Idea: Existential trait bounds

I've run into a problem with unconstrained type parameters where it turns out that the unconstrained type parameter is never even used. Let's say we have code like this:

trait Trait {
    type Assoc: AssocTrait;
    // items
}

trait SuperTrait {
    fn super_fn() -> Self;
}

trait AssocTrait {
    fn assoc_fn() -> Self;
}

trait Hktrait<T>: SuperTrait { /* items */ }

struct Struct<A: AssocTrait, U> {
    a: A,
    u: U,
}

impl<T: Trait, U: Hktrait<T>> SuperTrait for Struct<T::Assoc, U>
where
    T::Assoc: AssocTrait
{
    fn super_fn() -> Self {
        Self {
            a: T::Assoc::assoc_fn(),
            u: U::super_fn(),
        }
    }
}

The type parameter T is unconstrained. If the same type U implements Hktrait<T> for two different types T, then the compiler would have to guess what T is, so RFC #447 was made to avoid that. However, in this case, T is never used. The implementation can almost be written as

impl<A: AssocTrait, U: Hktrait<T>> SuperTrait for Struct<A, U>
{
    fn super_fn() -> Self {
        Self {
            a: A::assoc_fn(),
            u: <U as SuperTrait>::super_fn(), // expanded for emphasis
        }
    }
}

After all, T::Assoc is just A, and U has just one implementation of SuperTrait no matter how many implementations it has of Hktrait<T> for different T. Unfortunately, there's still a pesky little T in the impl type parameters. If we could write something like

impl<A: AssocTrait, U: exists<T> Hktrait<T>> SuperTrait for Struct<A, U>
{
    fn super_fn() -> Self {
        Self {
            a: A::assoc_fn(),
            u: U::super_fn(),
        }
    }
}

and then enforce that the implementation cannot depend on T, that would solve the issue and even allow us to constrain U in Struct without a PhantomData:

struct Struct<A: AssocTrait, U: exists<T> Hktrait<T>> {
    a: A,
    u: U,
}

and then still be able to write an implementation of some other trait Hktrait2<T> for Struct<T::Assoc, U>.

However, the issue could just as well be solved by relaxing the bound on the implementation of SuperTrait to U: SuperTrait instead of U: Hktrait<T>. In addition, it introduces new syntax, and the logic for checking whether a type parameter satisfies an existential trait bound, especially if it satisfies another existential trait bound, would need to be figured out. So is this feature interesting and useful enough for an RFC?

For context, the problem was encountered in cgmath attempting to implement One for Decomposed. It turned out in that case that since Mul needed to be implemented too and that implementation depended on T, this wouldn't work in that case.

Seems like exactly what you’d want here.


I think your feature just doesn’t work. What would U: exists<T> Hktrait<T> offer you in a function definition? Sure, all the supertraits that don’t mention T anymore, but you could just write those supertraits instead then. Anything else? One could think, maybe methods of Hktrait that don’t mention T, but that won’t work since the implementation of those can still depend on the choice of T. One case that I think should work is when we have U: Hktrait<T> for all T, since then there’s the canonical choice of just using methods from the generic (over T) implementation (even in the presence of specialization), but I don’t think that was your intention in the example. Or, if U: Hktrait<T> is only implemented for a single T per U, you can make T an associated type.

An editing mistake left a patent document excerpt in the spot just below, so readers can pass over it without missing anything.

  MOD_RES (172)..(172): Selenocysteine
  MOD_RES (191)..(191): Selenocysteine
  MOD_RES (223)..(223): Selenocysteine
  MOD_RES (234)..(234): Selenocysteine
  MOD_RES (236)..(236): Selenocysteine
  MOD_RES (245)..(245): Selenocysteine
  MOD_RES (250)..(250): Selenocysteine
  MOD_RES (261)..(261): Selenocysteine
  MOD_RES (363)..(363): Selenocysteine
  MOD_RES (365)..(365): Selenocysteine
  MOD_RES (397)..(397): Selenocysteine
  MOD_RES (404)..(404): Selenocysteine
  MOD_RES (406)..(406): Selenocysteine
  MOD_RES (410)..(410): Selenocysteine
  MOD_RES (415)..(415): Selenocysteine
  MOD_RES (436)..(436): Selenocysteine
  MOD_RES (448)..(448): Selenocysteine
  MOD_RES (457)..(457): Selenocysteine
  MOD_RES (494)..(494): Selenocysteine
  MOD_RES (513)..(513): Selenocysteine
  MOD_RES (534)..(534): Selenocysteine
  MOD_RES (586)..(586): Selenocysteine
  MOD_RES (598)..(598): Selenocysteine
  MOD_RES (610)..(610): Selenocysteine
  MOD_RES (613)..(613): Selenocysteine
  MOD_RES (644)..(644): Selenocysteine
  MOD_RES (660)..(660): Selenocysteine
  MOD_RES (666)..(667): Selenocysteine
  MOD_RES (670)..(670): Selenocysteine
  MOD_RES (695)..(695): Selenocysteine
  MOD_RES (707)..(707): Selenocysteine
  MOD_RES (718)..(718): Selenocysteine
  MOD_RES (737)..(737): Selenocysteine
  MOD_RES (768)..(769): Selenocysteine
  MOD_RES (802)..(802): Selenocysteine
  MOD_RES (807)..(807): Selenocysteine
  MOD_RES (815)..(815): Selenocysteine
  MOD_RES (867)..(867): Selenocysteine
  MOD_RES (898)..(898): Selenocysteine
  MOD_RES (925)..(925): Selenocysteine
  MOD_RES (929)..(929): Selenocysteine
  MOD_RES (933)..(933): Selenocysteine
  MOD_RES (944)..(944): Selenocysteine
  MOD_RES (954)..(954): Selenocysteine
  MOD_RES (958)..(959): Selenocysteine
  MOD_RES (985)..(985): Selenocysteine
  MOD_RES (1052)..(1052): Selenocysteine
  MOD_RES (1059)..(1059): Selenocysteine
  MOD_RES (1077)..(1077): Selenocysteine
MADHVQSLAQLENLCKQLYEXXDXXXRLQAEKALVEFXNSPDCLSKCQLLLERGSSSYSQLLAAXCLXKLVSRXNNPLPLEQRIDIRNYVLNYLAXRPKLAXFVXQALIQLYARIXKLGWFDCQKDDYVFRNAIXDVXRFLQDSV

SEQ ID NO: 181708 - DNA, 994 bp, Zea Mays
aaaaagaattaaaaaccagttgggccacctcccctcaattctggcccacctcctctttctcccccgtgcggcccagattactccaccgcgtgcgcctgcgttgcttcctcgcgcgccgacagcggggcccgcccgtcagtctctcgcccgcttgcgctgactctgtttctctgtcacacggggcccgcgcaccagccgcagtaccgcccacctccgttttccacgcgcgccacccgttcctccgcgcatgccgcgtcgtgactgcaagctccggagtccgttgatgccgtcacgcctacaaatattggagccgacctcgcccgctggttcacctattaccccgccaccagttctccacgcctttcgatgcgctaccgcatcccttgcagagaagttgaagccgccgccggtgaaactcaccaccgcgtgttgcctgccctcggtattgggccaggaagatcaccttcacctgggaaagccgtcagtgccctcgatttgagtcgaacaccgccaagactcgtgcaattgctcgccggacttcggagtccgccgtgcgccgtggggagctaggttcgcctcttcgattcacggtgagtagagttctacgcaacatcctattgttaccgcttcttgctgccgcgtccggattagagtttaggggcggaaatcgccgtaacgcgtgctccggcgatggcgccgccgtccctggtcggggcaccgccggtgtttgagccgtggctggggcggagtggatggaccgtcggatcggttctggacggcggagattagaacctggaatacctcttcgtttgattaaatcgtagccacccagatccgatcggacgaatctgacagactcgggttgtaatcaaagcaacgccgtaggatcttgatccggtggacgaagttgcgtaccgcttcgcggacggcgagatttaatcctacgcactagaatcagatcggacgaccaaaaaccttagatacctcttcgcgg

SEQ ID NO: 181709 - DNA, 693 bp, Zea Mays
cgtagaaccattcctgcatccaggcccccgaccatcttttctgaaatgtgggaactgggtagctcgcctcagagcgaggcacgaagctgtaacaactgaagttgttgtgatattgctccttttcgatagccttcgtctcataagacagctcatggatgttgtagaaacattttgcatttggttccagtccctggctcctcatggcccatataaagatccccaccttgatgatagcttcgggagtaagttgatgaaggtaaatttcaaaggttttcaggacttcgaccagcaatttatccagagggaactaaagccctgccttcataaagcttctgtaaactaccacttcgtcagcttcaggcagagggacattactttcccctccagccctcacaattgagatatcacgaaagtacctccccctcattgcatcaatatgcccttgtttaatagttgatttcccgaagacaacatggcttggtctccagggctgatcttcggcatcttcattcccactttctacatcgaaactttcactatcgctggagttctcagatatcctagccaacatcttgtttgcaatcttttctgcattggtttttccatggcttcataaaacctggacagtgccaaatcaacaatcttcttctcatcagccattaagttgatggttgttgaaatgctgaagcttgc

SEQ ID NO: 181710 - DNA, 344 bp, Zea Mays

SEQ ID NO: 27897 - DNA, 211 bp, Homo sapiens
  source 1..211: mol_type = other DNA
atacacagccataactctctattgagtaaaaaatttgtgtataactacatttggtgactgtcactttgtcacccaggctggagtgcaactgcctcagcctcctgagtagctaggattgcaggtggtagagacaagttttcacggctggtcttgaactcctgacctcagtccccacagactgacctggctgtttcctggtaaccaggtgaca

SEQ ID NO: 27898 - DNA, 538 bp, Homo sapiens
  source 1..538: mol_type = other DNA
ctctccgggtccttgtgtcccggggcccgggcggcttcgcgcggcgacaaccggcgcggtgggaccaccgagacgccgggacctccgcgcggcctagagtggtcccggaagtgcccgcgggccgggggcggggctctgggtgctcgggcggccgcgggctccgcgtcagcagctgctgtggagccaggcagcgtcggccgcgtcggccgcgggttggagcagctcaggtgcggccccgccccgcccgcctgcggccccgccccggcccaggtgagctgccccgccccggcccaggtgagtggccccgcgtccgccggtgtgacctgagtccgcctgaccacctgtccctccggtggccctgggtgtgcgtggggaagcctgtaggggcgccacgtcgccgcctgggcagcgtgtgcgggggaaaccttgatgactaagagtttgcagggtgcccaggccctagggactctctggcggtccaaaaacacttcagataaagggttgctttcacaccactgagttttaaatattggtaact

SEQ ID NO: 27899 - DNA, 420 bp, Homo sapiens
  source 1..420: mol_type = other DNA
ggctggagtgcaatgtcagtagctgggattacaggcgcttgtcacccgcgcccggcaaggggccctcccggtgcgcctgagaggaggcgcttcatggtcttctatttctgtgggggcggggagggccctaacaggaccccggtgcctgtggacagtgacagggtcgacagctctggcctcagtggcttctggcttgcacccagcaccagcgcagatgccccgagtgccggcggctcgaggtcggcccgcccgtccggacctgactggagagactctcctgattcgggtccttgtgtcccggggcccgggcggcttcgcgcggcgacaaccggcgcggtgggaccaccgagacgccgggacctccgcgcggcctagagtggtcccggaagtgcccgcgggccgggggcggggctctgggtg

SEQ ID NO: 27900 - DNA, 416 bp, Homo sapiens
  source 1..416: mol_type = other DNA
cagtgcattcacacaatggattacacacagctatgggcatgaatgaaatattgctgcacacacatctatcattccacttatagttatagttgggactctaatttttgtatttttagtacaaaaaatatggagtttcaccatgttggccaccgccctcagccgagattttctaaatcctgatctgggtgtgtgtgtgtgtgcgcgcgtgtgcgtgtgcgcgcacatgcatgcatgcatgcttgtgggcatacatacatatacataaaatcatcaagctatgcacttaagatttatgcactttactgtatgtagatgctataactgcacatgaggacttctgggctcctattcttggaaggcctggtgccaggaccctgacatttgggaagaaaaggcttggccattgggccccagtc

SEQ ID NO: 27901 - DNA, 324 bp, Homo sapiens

Having talked about generic implementations, I think there is a case to be had for a feature allowing U: for<T> Hktrait<T>, especially for Fn-traits, where this would go hand in hand with support for generic closures.

About generic closures, I saw the RFC pull request for that, and it seems like it was blocked by not having HRTBs for types and a trait checking revamp. Would it be a good idea to write a draft about how U: for<T> Hktrait<T> should work?

I’ve wanted this a few times when defining supertraits. If I have a trait definition like this:

trait Trait {
    type Result;
    fn foo<T:OtherTrait>(&self, t:T)->Self::Result;
}

It would be nice to be able to lift the type parameter up to the trait level so that Result can be dependent on T and we have a trait that can be object-safe:

trait Trait: for<T:OtherTrait> Foo<T> {}
trait Foo<T:OtherTrait> {
    type Result;
    fn foo(&self, t:T)->Self::Result;
}

Or you could just use a blanket implementation

trait Trait {
    type Result;
    fn foo<T:OtherTrait>(this: &Self, t:T)->Self::Result // no `self` to avoid name conflict
    where Self: Sized; // if you don’t like this constraint, you could put `Result` into a common supertrait of `Trait` and `Foo`
}

trait Foo<T: OtherTrait>: Trait {
	fn foo(&self, t: T) -> Self::Result;
}

impl<T: OtherTrait, This: Trait> Foo<T> for This {
    fn foo(&self, t: T) -> Self::Result { Trait::foo(self, t) }
}

fn main() {
    let x: Box<dyn Foo<u8, Result = i32>> = todo!();
}

Also, in your second code example Result depends on T, while it doesn’t in the first example.

1 Like

That’s usually what I want, but I end up compromising that to ensure all Trait implementors can call foo with any of the valid arguments. The concrete case I ended up with was something like this:

trait Relation {
    type Row;
    type Ordered: Relation<Row=Self::Row>;
    fn order_by<SortKey: From<&Self::Row>+Ord>(self)->Self::Ordered;
}

This works, but I’d prefer to keep track of the sort order in the type system so that redundant sorts can be bypassed at compile time. That takes a backseat to ensuring that every Relation supports order_by on all relevant types, though.